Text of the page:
Once we were done marvelling at the dishes in front of us (and had obviously snapped some pics), we dug in. The only thing more impressive than how these dishes looked was how they tasted. We paired them with some wine from an impressive wine list, and we were in heaven.
As for the mains, we ordered some plates that really helped us tap into the creativity and luxury of 212. We tried the lobster linguine and duck confit caramelli.
I can honestly say I had to put down my fork after the first bite of each dish out of sheer wonder and excitement. They were that perfect mix of decadent and refined with just enough oomph to let you know you're eating something seriously special — just thinking about the server pouring bisque over my pasta makes my mouth water.
Brooke Walsh, 212 owner and Montreal club scene royalty, told me he wanted to create a supper club where the food was the top priority — something he felt was lacking among supper clubs.
He said he brought in his serious network of club creators and designers (we're talking about people involved in Madonna's Super Bowl Halftime Show and Billie Eilish's last tour) to help with the decor and ambiance, which includes a super trendy mirrored art piece on the ceiling.
From the moment you walk in, you feel like you're part of an exclusive club, but in the friendliest and most inviting way possible.
An immersive experience we were promised and an immersive experience we did get. This is my new favourite spot for drinks, dinner and boozy brunch! Plus, now that dancing is on the horizon for us in Quebec, you can bet I'll be dancing the night away at 212 after dinner and drinks very soon.
Montreal's Villeray neighbourhood is currently having a moment. Time Out named it the 18th coolest neighbourhood in the world in 2021 and, according to locals, it's for damn good reason.
Bordered by Highway 40 in the north, avenue Casgrain in the west, boulevard Jean-Talon in the south and rue Garnier in the east, Villeray is packed full of shops, restaurants, cafés, bike paths, charming architecture, green spaces and community gardens. Parc Jarry and Jean-Talon Market are also mere blocks outside the neighbourhood's technical border lines.
Keen on exploring one of the coolest parts of the city, but not sure where to go? We asked two experts for help: Villeray residents Émilie Bouchard and Stéphanie Guéritaud, both of whom have called the neighbourhood home for at least 15 years.
Why You Need To Go: Guéritaud calls this place "the one and only bakery." But you don't need to take her word for it. Its baguette won the title of second-best baguette in the world at France's prestigious Mondial Du Pain competition in 2011.
"A must for its variety but also for a coffee and croissant on its little terrasse!" said Bouchard.
Why You Need To Go: Guéritaud said this café is the neighbourhood's "newest little Instagram gem." It serves sandwiches, ice creams, gelatos, pastries and coffees, and — thanks to the colourful, floral decor — it makes every day feel like Valentine's Day.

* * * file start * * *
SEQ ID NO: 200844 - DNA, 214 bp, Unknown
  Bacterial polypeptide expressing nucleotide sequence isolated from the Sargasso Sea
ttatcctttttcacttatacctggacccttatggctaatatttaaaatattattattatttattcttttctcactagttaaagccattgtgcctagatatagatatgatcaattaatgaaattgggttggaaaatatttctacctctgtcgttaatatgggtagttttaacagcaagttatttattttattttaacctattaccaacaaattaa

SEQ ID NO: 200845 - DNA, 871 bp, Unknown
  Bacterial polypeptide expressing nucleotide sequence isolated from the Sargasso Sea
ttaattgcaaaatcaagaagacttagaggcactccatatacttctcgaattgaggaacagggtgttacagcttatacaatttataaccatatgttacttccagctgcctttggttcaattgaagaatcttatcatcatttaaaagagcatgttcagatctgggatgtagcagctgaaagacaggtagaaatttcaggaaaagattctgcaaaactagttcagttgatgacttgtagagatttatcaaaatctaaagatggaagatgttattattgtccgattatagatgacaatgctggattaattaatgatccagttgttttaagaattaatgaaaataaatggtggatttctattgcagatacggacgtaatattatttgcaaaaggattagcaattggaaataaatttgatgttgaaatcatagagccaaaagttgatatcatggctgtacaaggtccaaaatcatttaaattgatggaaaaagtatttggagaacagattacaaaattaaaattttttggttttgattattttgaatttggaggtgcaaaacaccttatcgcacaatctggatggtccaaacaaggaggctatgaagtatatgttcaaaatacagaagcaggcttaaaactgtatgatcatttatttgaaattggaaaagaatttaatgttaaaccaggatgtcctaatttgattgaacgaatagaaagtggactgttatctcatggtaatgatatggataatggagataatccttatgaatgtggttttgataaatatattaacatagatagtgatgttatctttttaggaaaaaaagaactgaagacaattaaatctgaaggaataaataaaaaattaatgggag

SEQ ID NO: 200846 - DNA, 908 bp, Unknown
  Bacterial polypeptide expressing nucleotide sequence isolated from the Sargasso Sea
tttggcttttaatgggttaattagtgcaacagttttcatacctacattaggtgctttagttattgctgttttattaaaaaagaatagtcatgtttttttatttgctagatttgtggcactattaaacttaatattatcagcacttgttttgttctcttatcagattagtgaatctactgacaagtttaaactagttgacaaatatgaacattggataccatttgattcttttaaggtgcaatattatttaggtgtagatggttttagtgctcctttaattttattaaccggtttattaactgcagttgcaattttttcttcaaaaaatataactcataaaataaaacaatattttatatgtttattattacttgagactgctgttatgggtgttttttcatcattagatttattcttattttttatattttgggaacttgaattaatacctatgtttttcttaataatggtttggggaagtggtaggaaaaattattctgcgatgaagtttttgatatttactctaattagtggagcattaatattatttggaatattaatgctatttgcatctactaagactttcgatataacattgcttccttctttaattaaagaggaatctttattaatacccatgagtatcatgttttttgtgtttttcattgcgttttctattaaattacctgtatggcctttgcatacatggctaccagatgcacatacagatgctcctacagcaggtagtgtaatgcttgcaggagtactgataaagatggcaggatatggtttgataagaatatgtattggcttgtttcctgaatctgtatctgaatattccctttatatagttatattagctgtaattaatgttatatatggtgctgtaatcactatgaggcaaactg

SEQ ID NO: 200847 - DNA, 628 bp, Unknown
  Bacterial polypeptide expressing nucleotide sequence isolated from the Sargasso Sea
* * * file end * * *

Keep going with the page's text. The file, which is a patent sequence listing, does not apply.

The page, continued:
Pro Tip: If you're there, you can also head across the street to the new Cantine Emilia, which Guéritaud described as a "really cute and relatively new place with affordable Portuguese specialties."
Why You Need To Go: This was one of Celine Dion's late husband's favourite restaurants, Guéritaud told us. And, according to reports, she's correct. René Angélil clearly had good taste when it came to spotting talent so we'll take his word when it comes to food, too.
Why You Need To Go: From Miss Villeray to Brasserie EtOH, Guéritaud said Villeray is "a great to have a drink" but one of her favourite spots is Huis Clos, an organic wine bar and restaurant with a huge drink menu including fun cocktails.
Why You Need To Go: This coffee shop is known for its delicious Italian coffee, massive sandwiches, and seasonal terrasse. A Yellow Page article described the owner's vision for the decor as something that could "blend in seamlessly with any stunning Wes Anderson movie" — and the Wes Anderson vibe is exactly what Bouchard said she likes best about it.
Why You Need To Go: "There are several grocery stores/fruit stores in the neighbourhood that are adorable. The people are really welcoming and we keep in touch as time goes by. The Tsikinis fruit shop with its employees who have been there forever," Bouchard said.
According to Bouchard, the service alone makes this the perfect spot to pick up fruit on the way to a Parc Jarry picnic during the warmer months.
Why You Need To Go: Bouchard said Knuckles, a new-ish casual Italian eatery on the rue Jarry strip, is really nice with large tables, making it COVID-19 friendly. Not to mention, the food will make you drool.
Why You Need To Go: While Bouchard is vegetarian, she said "carnivores agree that Pascal le Boucher is a must." And while she doesn't go there for the meat, she does go to Pascal to pick up Clos Saragnat cider so you can really get it all there.